During the Maratha period, as in the Mughal period, there were Garjat states who paid tribute to the Raja of Nagpur. The rest of Odisha i.e. the coastal plain areas from Suvarnarekha in the North to Chilika in the South popularly known as Moghulbandi were ruled by the Marathas.
The Maratha administration in Odisha was a replica of the Mughal administration. They wanted to retain the fabric of Mughal pattern. However, massive exploitation by the Maratha Governors made their rule unpopular in Odisha.
Division of the Maratha Empire in Odisha
The Maratha administration in Odisha was a legacy of the Mughal rule. The Maratha possessions in Odisha were bounded by sea on the east, the province of Chhatisgarh on the west, the Chilka lake and undivided Ganjam district on the south and Jaleswar, Midnapur and Birbhum on the north. Odisha was divided into two political division-viz, the Garjat consisting of twenty-four’ tributary chieftains and Mughalbandi, the coastal tract extending from Suvarnarekha in the north to the Chilka lake in the south.
Maratha Administration in Garjat states
Among the twenty-four feudatories, the most powerful was. the king of Khurda, the Rajas of Kanika, Dhenkanal,Ranapur, Baramba, Athagarh, Kujang, Aul (Ali) and Mayurbhanj had also retained their relative importance during the regime of the Marathas. The Maratha governors did not poke their nose in the internal administration of those chiefs. The feudatories were also not regular in their payment to the Maratha Subenders.
Administration in Mughalbandi areas of Odisha
The Mughalbandi was divided into 150 Paraganas under the management of 32 Amils. Each Paragana was subdivided into two, three, four or more Mahalas or allotments. The Amil or Revenue Commissioner was responsible for the assessment of revenue and entrusting charge todifferent officers for the collection of revenue. The hereditary revenue collectors under him were termed as Chaudhuries, Kanungoes, or Talukdars each in charge of a taluk or sub-division. These officers were given rent-free lands known as Nankar. Their duty was not only to collect revenue from the subjects but to keep them happy andcontended. The settlement known as Hustabud was prevalent. The demand of the government was based on the amount of land actually under cultivation.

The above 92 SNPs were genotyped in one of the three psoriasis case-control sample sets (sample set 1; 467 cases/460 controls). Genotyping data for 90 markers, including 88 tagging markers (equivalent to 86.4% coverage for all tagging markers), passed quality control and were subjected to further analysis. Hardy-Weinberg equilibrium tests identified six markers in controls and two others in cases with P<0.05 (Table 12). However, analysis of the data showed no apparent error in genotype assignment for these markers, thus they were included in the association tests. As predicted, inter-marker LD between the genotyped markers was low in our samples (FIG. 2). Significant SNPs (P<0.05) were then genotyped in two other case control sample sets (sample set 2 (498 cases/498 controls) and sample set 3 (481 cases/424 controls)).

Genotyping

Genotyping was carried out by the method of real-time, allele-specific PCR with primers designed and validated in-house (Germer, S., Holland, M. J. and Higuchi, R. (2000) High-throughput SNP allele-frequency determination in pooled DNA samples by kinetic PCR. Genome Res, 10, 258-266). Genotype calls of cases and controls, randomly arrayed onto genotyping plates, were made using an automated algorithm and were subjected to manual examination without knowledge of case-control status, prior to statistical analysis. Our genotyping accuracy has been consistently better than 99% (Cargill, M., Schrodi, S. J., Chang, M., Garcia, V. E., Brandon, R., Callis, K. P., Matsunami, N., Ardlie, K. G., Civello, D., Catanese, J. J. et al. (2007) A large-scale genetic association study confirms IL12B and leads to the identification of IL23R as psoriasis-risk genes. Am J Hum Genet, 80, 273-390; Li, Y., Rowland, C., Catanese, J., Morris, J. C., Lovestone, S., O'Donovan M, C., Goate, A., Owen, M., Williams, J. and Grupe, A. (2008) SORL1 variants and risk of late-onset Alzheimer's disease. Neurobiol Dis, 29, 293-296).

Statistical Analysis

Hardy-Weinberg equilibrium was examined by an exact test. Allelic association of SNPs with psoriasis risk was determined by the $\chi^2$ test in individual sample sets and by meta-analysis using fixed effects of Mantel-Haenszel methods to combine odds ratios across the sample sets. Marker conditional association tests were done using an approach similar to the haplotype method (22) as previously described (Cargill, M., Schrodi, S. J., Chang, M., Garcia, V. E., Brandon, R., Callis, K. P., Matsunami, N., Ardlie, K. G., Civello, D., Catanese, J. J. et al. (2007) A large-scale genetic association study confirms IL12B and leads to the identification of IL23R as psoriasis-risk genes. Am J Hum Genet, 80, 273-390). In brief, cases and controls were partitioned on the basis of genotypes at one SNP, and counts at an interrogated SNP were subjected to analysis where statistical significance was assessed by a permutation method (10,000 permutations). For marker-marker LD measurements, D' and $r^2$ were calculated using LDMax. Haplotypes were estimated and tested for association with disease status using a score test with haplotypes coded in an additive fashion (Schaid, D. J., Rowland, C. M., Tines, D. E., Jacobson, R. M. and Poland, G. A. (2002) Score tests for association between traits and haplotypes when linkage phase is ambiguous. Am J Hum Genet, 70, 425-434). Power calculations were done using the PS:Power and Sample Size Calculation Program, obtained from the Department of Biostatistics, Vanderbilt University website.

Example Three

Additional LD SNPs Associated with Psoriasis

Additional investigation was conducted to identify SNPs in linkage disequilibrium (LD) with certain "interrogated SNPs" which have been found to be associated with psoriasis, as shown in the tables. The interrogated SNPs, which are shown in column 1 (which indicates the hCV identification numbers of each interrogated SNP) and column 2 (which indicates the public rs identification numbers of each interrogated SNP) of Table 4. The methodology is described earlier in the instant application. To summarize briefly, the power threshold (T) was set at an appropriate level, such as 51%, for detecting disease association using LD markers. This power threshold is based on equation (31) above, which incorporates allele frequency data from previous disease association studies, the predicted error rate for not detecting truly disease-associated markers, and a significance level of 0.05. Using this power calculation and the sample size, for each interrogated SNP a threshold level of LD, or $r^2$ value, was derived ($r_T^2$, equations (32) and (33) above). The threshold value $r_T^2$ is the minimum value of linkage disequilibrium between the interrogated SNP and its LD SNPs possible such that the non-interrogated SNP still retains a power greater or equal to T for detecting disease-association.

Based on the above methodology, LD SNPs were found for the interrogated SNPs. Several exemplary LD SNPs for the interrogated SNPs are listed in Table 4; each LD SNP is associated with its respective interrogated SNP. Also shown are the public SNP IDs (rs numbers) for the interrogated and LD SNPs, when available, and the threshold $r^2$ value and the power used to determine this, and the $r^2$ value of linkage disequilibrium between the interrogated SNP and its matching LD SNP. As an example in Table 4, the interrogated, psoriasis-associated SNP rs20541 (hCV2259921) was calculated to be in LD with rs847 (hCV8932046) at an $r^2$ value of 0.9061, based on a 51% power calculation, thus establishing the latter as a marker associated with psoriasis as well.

Civil and Millitary administration of the Marathas
The Subahdar was the head of both civil and military administration of this land. The Kiladar served under him who was in charge of the fort of Barabati at Cuttack. Under the control of the Subahdar, there were some faujdars who controlled some chaukis (outposts). A thanadar was the head of a cneuk: The Amil was empowered to investigate and try both civil and criminal cases.
Export of Paddy
Like the present day, paddy was produced in huge amount and was a great item of export to Bengal and Madras through small ports of Golrah, Harishpur, Bishenpur and Manikpatna. Salt was plentily manufactured along the sea coast of Odisha.
Trade connection with other parts of India
During the Maratha rule, Odisha was well connected through roads with Bengal, Madras and Nagpur. From Cuttack, a well-known road connected Bengal through Bhadrak, Balasore, Jaleswar and Midnapur. There were two roads from Nagpur to Sambalpur. Madras was connected through a road from Cuttack passing through Puri, Ganjam, Burgun, Tekkali, Kalingapatanam, Chicacole and Visakhapatanam.
Policy towards Jagannath temple of Puri
In the field of religion, the Marathas brought regeneration. The worship of God Jagannath and the maintenance of the grand temple at Puri was the prime duty of the Maratha Subahdars. Puri, a deserted place during the rule of the Mughals was studded with pilgrims from all over India who came to pay homage to the God of Gods. The Marathas managed the temple efficiently and the pilgrims faced no difficulty at Puri. No doubt, pilgrim tax was collected by the Marathas but a large’ slice of that income was spent in different festivals of the temple. Under Maratha patronage, the fame of God Jagannath spread in the nook and corner of India.Ttie Marathas opened Annachhatras (free food-distribution camps) and granted rent-free lands to the Brahmins.They offered money to monks and offered suitable grants to the mathas for the performance of various festivals.
Last Line to say
The Maratha rule in Odisha was, by and large, military in nature. The one and single aim of the Bhonsles of Nagpur was to treat this land as a milch cow and to extract much more revenue from the people. The frequent change of governors made the administration of this land precarious and ustable. Anarchy prevailed and people gradually became disinterested towards the Maratha rule. The frequent march of the British troops through Odisha germinated a fear psychosis in the minds of the people. Further, the extraction of more and more revenue by the Maratha governors enraged them who hated the Maratha rule over this land. That was perhaps, one of the chief reasons for which the people welcomed British hegemony over this land and wanted to expell the Marathas. One thing made the Maratha rule unique in Odisha and that was the maintenance of the temple of God Jagannath at Puri, which was so ruthlessly ignored by the Mughals in the past.